Tootsie is a film about love and desire. Audiences are prone to forgetting this amid the controversies that have arisen around its gender-crossing conceit. Back in 1982, the film emerged as one of the decade’s prestige comedies: it was a commercial and critical darling, and was nominated for ten Academy Awards. But when Tootsie was adapted into a musical in 2018, its creaky gender politics collapsed under Broadway’s bright lights. As Christian Lewis noted in his review of the show for Out magazine, “The musical relies on the terribly dated ‘man in a dress’ comedic trope, which is deeply rooted in transmisogyny.” Yet, despite being in Lewis’s words “hella problematic,” Tootsie is still appreciated by queer Gen-X-ers like myself, whose coming of age in the eighties was influenced by it and a wave of other films that explored sexual politics in the workplace (like 1980’s 9 to 5 and Private Benjamin) and gender-crossing as a means to professional and educational access (like 1982’s Victor/Victoria and 1983’s Yentl).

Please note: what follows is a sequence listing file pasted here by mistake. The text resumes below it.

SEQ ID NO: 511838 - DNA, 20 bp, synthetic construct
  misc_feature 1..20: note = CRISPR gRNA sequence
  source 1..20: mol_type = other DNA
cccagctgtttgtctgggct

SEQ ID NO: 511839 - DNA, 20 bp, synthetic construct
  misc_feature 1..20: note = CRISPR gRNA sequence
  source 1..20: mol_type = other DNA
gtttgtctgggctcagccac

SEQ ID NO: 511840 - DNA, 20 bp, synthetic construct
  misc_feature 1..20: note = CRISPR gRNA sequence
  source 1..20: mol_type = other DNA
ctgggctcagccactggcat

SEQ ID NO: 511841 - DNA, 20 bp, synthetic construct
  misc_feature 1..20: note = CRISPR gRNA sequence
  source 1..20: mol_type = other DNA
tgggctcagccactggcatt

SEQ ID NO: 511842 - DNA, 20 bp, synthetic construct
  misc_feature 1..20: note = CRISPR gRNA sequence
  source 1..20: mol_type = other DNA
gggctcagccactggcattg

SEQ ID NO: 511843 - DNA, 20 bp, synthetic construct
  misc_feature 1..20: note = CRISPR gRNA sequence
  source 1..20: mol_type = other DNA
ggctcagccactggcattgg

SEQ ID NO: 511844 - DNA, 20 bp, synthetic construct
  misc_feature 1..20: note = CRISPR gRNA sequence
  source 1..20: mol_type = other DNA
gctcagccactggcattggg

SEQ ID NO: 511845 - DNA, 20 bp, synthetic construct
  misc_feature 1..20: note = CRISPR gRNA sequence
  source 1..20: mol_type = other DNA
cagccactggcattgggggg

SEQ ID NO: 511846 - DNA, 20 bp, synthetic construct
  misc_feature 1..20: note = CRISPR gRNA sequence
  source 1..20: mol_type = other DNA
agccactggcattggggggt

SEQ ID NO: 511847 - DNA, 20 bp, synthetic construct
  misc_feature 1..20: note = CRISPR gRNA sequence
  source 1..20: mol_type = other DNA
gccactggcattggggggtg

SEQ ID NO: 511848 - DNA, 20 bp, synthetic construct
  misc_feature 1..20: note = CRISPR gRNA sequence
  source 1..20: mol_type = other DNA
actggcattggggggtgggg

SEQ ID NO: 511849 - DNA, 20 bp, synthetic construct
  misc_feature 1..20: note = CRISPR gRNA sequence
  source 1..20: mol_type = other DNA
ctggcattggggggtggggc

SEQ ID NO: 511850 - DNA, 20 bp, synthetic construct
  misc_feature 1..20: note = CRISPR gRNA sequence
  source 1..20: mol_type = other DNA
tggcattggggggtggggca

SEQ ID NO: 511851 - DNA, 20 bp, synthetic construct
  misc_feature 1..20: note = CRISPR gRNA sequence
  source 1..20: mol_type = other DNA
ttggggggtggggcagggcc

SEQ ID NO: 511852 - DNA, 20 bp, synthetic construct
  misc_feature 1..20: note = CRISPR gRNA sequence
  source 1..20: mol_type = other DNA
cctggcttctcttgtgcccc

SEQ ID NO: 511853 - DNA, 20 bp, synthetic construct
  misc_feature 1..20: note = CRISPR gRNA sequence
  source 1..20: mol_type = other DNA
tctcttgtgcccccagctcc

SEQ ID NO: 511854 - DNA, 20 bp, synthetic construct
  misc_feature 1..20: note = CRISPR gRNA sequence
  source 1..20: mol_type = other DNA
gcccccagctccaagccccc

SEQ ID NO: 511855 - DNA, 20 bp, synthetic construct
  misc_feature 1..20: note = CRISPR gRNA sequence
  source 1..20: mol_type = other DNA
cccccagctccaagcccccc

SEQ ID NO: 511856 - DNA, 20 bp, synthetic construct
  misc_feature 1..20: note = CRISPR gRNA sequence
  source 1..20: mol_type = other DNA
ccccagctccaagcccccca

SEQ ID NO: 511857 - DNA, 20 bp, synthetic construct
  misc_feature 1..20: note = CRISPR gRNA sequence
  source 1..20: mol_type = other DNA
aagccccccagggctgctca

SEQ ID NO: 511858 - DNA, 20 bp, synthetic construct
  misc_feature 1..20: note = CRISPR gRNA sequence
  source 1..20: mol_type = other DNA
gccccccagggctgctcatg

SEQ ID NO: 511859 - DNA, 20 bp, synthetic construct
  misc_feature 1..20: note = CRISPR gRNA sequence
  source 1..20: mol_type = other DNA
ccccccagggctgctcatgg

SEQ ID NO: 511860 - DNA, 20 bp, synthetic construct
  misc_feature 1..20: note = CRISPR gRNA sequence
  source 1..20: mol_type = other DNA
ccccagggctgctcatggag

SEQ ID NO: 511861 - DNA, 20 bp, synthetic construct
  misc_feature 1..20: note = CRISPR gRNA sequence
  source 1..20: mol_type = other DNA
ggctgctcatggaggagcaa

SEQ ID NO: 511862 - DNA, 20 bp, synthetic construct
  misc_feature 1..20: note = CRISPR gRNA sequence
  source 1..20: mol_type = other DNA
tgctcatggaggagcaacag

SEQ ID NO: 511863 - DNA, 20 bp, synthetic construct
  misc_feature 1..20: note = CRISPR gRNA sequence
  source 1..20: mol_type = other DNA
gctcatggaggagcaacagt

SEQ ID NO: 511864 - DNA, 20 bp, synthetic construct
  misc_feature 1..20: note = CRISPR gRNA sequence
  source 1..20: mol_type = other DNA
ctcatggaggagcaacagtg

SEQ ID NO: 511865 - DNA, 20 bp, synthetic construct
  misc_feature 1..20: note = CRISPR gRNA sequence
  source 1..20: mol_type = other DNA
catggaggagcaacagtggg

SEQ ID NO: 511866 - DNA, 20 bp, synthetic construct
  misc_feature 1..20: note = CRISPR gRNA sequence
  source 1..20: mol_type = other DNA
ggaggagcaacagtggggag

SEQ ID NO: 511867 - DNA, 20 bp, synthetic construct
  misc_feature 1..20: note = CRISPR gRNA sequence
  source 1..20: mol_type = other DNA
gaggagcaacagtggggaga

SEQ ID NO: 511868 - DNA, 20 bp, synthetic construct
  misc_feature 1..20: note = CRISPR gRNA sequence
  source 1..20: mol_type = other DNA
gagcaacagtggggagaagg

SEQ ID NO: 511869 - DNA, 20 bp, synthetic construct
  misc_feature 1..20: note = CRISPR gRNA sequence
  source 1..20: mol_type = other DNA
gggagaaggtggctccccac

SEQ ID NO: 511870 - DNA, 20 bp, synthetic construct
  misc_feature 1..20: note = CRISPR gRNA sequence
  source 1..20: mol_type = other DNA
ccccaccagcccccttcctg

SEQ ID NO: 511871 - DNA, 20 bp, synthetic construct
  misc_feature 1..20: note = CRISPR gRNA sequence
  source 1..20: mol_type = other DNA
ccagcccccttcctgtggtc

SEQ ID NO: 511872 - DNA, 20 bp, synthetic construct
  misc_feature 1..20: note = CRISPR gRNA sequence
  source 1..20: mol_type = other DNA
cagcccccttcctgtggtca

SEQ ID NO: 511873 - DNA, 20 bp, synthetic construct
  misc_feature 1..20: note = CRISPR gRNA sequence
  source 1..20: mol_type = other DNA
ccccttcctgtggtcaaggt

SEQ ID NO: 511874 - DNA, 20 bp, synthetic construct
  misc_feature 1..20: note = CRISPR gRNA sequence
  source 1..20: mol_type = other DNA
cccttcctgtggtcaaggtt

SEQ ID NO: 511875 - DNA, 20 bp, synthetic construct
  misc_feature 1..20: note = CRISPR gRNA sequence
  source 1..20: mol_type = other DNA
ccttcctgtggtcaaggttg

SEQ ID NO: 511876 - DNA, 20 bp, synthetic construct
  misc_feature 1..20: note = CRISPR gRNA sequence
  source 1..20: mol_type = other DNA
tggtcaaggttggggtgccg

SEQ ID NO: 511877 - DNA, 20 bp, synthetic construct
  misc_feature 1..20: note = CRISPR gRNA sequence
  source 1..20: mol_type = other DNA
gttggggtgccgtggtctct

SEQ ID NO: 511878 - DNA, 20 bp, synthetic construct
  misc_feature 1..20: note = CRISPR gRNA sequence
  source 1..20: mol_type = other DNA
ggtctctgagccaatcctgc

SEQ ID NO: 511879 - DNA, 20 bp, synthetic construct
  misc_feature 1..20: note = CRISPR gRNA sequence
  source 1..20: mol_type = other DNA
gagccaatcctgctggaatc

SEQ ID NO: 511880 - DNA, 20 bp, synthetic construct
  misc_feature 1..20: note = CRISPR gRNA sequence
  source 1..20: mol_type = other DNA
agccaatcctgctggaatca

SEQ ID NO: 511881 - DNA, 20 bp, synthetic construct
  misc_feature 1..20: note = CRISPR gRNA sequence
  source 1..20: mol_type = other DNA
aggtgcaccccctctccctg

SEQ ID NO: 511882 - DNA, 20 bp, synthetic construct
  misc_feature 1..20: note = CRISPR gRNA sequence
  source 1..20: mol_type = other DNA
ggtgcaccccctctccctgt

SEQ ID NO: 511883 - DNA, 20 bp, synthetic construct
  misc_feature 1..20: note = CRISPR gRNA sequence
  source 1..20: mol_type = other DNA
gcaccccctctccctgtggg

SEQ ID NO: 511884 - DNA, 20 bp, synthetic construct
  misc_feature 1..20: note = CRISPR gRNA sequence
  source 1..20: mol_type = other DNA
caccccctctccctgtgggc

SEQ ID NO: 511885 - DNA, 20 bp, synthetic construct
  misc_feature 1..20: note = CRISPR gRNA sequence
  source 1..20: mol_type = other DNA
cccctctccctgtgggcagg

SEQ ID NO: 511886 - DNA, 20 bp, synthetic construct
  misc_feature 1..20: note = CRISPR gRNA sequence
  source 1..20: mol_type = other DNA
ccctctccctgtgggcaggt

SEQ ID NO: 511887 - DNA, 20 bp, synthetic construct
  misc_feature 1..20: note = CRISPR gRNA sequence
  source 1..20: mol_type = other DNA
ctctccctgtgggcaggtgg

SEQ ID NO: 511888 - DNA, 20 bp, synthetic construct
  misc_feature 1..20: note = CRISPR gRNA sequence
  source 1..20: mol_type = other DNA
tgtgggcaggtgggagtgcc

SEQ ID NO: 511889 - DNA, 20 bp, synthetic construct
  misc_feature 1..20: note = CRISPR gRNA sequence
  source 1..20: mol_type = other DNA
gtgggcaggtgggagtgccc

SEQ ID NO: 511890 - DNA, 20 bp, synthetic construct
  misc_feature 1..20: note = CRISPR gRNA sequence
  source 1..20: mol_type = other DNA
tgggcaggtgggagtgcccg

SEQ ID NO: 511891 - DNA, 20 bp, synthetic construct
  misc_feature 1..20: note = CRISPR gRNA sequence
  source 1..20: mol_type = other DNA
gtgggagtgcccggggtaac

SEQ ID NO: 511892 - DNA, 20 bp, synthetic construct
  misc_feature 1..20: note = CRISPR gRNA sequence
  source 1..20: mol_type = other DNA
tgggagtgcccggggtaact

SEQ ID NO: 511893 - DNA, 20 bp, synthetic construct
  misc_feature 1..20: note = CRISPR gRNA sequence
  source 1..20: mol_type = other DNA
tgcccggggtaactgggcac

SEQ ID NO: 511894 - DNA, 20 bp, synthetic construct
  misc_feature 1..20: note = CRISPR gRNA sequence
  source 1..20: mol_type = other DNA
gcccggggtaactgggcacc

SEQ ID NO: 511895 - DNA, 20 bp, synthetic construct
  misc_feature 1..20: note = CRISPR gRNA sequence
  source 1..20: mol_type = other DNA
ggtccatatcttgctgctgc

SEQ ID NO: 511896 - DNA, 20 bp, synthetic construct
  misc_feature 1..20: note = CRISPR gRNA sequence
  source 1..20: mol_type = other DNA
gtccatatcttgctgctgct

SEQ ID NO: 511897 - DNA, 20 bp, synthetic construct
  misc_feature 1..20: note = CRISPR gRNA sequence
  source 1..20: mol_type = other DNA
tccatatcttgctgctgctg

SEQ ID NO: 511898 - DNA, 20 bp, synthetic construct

Among these movies, Tootsie stands out because it’s the only one that centers a cis-heterosexual white man as its hero(ine). Dustin Hoffman stars as Michael Dorsey, a struggling New York actor whose narcissism and reputation for being difficult to work with have rendered him unemployable. In order to catch a break, he tries to shed his “underappreciated” artistic temperament—i.e., his toxic masculinity. With high-necked blouses, dense layers of makeup, and some ill-advised leg and torso depilation using a cheap disposable razor, he transforms himself into Dorothy Michaels. Becoming Dorothy is Michael’s last chance to score enough cash to produce Return to Love Canal, an “important play” written by his roommate, Jeff (Bill Murray), that he also plans to direct and star in. To fund his artistic endeavors, Michael, as Dorothy, lands a role in the crass world of daytime soaps, the most effeminized and disrespected of TV genres.
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